Why Poverty Persists
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Why Poverty Persists

Poverty Dynamics in Asia and Africa

Edited by Bob Baulch

This edited book analyses what traps people in chronic poverty, and what allows them to escape from it, using long-term panel surveys from six Asian and African countries. The distinguishing feature of these studies, which were commissioned by the Chronic Poverty Research Centre, is they span longer periods or have more survey waves than most developing country panels. This allows a detailed account of the maintainers of chronic poverty and drivers of poverty dynamics. Many of the studies (from Bangladesh, Ethiopia, Nepal, Pakistan, South Africa and Vietnam) are written by leading development economists, and all pay careful attention to the difficult issues of attrition, measurement error and tracking. The book’s comparative perspective highlights the common factors which cause people to fall into chronic poverty and allow them to break-free from it. A number of promising policies and interventions for reducing chronic poverty are identified.
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Chapter 2: Poverty Transitions, Shocks and Consumption in Rural Bangladesh, 1996–97 to 2006–07

Agnes R. Quisumbing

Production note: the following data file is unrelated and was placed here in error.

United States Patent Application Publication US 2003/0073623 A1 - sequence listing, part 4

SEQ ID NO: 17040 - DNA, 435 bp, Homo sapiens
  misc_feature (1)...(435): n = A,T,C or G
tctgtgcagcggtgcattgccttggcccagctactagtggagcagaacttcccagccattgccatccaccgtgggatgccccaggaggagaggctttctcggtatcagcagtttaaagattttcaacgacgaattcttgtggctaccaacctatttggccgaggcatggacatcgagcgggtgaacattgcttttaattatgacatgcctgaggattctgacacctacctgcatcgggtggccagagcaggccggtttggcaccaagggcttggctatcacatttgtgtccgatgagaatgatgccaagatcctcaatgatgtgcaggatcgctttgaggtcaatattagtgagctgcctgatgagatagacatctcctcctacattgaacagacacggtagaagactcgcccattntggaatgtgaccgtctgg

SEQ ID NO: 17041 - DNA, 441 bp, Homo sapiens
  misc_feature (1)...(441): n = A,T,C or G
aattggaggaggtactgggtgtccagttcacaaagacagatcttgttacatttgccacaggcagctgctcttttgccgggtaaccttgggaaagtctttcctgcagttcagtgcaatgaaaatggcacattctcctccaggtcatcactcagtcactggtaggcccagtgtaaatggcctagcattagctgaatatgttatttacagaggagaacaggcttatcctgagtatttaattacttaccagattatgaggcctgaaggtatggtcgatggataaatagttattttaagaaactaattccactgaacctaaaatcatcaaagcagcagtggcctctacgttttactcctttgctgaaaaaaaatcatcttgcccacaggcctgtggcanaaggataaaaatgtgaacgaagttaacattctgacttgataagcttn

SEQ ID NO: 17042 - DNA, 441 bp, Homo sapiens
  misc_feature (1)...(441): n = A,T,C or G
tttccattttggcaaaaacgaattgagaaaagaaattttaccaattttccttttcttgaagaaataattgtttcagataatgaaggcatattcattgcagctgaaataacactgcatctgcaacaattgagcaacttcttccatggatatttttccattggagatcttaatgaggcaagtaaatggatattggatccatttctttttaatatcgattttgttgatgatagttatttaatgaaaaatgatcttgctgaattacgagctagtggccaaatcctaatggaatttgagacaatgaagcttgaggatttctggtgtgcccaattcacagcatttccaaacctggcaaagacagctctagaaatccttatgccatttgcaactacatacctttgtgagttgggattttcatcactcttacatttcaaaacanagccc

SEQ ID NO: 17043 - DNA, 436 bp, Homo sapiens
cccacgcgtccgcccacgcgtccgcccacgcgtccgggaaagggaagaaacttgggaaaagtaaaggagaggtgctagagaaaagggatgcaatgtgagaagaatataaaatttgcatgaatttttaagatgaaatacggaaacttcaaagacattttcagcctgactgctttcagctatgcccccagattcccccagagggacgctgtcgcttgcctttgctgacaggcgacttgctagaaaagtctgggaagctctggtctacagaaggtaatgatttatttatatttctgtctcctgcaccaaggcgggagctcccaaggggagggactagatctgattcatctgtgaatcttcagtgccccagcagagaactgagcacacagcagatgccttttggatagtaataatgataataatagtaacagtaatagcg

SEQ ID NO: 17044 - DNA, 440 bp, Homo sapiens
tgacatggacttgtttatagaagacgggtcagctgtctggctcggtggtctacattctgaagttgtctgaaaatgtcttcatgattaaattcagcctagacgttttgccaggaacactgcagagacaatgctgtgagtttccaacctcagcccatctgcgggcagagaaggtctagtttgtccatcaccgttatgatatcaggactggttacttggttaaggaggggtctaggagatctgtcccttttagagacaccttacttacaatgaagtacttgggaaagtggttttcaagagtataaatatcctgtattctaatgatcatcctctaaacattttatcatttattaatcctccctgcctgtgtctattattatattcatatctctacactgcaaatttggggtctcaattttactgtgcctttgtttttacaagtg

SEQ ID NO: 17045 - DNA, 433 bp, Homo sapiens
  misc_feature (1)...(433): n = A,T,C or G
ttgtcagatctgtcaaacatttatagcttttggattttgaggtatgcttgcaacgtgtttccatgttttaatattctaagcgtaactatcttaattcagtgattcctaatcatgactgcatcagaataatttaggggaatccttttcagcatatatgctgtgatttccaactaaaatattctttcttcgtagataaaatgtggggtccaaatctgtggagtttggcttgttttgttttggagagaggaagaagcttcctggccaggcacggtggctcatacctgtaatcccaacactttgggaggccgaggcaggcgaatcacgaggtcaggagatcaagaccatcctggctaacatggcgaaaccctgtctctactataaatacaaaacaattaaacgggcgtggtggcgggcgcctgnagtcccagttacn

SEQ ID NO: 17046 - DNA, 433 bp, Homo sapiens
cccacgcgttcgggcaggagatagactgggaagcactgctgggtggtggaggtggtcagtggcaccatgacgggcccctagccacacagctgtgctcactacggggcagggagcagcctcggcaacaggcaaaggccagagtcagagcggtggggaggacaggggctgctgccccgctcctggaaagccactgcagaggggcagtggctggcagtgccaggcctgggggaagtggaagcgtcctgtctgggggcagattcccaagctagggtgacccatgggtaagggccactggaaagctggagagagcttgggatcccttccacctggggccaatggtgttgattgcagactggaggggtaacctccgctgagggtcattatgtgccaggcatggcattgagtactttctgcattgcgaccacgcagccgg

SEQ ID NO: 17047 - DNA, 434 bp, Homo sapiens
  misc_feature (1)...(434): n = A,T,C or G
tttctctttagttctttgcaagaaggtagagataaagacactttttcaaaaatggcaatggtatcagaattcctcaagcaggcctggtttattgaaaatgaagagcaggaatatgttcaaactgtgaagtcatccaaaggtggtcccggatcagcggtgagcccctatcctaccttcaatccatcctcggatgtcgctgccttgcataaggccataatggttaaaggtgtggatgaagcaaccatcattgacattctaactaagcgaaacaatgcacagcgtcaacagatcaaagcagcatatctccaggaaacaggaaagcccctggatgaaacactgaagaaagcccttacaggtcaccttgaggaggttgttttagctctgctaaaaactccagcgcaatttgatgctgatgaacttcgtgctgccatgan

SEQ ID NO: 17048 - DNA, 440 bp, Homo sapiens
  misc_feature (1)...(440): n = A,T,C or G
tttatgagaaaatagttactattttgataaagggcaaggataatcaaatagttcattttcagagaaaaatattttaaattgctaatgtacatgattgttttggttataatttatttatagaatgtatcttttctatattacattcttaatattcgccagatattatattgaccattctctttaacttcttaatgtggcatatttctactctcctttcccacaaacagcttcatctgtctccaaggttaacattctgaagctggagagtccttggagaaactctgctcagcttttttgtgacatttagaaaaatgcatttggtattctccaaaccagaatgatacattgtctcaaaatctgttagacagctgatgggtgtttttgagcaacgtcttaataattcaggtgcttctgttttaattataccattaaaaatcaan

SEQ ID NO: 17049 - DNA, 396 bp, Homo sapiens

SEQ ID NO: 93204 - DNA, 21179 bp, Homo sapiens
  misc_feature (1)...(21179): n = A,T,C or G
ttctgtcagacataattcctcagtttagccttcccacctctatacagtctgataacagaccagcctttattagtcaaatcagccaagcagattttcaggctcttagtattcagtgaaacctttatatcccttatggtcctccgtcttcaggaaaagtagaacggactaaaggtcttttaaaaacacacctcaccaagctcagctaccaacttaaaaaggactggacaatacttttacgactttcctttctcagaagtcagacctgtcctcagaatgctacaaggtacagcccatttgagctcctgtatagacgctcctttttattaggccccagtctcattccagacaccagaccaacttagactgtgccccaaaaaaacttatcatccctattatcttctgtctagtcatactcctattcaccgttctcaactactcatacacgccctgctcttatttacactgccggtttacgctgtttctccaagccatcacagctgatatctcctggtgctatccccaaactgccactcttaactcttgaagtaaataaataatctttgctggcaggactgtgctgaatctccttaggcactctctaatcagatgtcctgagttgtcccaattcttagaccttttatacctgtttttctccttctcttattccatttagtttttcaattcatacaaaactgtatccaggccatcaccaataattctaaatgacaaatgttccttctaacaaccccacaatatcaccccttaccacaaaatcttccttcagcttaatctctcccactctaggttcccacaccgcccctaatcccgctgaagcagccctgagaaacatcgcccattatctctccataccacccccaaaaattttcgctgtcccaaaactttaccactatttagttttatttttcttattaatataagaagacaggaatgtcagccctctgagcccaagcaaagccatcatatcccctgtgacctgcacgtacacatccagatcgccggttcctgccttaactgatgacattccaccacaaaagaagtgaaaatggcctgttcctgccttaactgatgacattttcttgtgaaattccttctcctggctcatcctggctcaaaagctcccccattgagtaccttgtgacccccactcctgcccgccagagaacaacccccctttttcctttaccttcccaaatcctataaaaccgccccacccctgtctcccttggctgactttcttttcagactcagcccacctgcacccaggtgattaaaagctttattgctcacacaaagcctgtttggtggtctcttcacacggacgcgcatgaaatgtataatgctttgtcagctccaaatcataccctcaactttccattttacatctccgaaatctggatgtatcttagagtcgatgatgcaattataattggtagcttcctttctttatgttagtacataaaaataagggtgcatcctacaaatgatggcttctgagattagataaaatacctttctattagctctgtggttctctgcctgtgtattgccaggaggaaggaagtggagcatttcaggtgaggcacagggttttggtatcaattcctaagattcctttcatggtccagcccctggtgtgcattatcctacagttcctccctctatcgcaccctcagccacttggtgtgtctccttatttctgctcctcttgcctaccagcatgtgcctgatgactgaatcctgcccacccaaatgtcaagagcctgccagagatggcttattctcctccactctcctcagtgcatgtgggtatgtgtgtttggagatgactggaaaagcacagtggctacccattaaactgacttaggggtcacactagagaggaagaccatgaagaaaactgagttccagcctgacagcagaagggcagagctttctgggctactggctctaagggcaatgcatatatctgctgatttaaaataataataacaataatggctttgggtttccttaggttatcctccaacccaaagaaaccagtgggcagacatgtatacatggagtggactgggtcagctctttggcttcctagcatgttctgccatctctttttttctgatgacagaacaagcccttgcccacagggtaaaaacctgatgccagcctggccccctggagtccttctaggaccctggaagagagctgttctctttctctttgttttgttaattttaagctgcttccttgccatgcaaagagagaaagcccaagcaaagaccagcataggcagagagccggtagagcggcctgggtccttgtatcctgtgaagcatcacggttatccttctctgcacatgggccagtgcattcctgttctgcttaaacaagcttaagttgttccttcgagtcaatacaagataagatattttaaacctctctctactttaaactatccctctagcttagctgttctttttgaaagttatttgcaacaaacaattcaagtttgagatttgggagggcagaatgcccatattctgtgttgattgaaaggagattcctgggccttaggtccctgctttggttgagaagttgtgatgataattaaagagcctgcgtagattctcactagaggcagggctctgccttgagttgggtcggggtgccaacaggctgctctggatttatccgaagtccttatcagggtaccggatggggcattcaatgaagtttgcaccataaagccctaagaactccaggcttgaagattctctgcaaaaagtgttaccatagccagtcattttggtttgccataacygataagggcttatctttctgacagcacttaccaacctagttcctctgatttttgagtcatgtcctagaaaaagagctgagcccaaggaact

Agnes R. Quisumbing INTRODUCTION What factors contribute to sustainable poverty reduction? This question interests researchers and policymakers alike, particularly in Bangladesh, which has posted a marked reduction in poverty incidence in the past decade. Comparisons of national household surveys between 1995–96 and 2005, when consistent poverty estimation methodologies were used, showed that the poverty headcount declined by about 2 per cent between 1995–96 and 2000, but by nearly 9 percentage points in the first half of the 2000s (Bangladesh Bureau of Statistics (BBS), 2006).1 More importantly, there have been substantial improvements in the livelihoods of the poorest during the period 2000–05, as the decline in the incidence of extreme poverty, the poverty gap, and the squared poverty gap reveals. These improvements are likely to be the impact of relatively high economic growth in recent years.2 Nevertheless, poverty remains a key challenge in Bangladesh as the overall incidence of poverty persists at a high level. The most startling consequence of widespread poverty is that a quarter (25.5 per cent) of the country’s population – 36 million people – cannot afford an adequate diet, according to the 2005 estimates of food poverty or extreme poverty (BBS, 2006). In order to design appropriate anti-poverty interventions, researchers and policymakers alike need to understand the factors that enable some households and communities to move out of poverty, while others remain trapped in it. While nationally representative data sets like the Household Income and Expenditure Survey (HIES) provide snap-shots at the country-wide level, longitudinal...

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